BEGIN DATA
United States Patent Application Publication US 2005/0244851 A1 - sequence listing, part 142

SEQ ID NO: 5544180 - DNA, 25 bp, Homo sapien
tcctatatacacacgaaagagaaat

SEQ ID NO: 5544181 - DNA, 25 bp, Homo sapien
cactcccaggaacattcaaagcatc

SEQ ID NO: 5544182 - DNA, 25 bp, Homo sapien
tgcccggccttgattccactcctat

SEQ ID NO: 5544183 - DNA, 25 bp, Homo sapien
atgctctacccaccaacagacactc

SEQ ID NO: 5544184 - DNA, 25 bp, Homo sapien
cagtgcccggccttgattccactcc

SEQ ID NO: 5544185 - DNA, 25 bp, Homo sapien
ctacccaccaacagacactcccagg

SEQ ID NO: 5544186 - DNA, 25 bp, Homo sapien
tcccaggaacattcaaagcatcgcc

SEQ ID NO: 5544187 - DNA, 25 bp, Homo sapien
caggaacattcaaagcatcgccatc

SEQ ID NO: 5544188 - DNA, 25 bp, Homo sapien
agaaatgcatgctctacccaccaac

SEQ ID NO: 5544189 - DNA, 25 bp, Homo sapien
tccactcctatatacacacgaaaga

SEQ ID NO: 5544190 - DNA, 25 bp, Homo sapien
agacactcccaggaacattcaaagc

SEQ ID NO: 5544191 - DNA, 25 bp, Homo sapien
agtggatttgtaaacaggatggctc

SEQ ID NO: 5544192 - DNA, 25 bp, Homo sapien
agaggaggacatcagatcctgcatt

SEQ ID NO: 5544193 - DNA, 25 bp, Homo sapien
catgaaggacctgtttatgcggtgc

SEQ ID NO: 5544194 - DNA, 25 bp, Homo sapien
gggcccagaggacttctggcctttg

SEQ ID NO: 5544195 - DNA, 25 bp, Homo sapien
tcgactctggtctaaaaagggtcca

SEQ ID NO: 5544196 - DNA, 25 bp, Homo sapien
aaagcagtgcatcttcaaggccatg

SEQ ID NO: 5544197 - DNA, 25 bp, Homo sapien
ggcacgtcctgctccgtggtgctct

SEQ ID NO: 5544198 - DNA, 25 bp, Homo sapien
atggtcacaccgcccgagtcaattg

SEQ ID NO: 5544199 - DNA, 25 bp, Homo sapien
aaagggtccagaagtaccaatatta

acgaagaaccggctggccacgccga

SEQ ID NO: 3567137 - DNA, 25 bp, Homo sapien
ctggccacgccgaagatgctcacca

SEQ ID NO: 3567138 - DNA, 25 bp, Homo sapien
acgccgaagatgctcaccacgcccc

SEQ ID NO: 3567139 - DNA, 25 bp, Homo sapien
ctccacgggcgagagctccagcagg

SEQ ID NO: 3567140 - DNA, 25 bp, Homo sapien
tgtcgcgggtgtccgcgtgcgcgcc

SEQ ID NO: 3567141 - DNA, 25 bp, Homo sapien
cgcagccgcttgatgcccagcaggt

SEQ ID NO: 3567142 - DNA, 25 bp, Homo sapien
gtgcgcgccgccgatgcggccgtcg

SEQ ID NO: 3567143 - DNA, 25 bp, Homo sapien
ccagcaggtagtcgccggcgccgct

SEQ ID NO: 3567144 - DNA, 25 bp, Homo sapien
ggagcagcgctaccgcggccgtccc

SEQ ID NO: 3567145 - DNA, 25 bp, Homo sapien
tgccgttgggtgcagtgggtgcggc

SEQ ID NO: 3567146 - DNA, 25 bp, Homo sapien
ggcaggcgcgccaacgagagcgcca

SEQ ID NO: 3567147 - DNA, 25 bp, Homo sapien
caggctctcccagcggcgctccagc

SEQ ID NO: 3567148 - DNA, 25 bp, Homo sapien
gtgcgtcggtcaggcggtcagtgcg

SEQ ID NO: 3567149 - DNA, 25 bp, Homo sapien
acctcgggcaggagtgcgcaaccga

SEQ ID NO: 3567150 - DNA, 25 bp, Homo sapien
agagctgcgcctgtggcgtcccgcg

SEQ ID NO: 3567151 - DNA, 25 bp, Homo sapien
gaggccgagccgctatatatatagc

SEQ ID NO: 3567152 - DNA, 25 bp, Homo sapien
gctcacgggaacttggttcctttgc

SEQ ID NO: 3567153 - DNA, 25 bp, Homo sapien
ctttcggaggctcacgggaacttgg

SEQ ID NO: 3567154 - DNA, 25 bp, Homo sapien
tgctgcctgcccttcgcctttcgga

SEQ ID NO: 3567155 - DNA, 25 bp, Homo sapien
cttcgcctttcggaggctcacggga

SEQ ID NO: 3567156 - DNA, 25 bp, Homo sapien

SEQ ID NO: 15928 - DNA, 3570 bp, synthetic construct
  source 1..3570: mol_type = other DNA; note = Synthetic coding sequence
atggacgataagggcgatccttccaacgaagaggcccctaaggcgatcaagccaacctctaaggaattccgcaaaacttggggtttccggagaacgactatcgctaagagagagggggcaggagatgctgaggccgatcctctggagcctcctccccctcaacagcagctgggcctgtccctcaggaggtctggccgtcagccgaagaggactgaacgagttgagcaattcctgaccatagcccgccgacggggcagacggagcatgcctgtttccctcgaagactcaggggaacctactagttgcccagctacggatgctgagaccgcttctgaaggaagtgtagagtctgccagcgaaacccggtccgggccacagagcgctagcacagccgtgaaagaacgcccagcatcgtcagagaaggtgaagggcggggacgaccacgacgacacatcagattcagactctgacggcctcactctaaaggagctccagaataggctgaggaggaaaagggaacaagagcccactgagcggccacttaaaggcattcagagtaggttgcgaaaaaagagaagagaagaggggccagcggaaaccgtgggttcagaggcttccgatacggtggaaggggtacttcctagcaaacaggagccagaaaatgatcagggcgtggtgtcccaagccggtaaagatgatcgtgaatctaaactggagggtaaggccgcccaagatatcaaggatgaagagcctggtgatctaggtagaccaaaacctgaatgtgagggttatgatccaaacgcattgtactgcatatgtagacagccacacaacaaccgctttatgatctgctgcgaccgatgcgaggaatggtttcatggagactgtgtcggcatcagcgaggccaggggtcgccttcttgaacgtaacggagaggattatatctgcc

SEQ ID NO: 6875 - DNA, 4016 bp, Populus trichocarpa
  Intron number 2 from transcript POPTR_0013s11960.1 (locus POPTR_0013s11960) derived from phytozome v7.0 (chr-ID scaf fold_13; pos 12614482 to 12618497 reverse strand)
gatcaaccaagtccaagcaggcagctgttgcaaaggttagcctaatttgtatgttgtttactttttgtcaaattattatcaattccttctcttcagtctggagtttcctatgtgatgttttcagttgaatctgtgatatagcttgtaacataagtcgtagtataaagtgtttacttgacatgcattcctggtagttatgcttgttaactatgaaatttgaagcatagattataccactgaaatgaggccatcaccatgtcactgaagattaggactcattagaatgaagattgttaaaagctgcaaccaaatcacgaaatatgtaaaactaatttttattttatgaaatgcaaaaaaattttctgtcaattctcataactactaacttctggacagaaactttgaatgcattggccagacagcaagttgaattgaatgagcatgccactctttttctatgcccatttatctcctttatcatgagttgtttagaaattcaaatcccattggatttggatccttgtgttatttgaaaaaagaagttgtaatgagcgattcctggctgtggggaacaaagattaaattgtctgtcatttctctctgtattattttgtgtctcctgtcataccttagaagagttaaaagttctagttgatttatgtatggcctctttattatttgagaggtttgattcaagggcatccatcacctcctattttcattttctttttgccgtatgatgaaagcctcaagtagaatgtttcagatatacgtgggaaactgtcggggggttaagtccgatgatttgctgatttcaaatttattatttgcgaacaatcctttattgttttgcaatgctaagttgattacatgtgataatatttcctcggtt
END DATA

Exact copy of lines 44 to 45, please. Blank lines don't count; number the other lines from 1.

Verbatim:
ctggccacgccgaagatgctcacca

SEQ ID NO: 3567138 - DNA, 25 bp, Homo sapien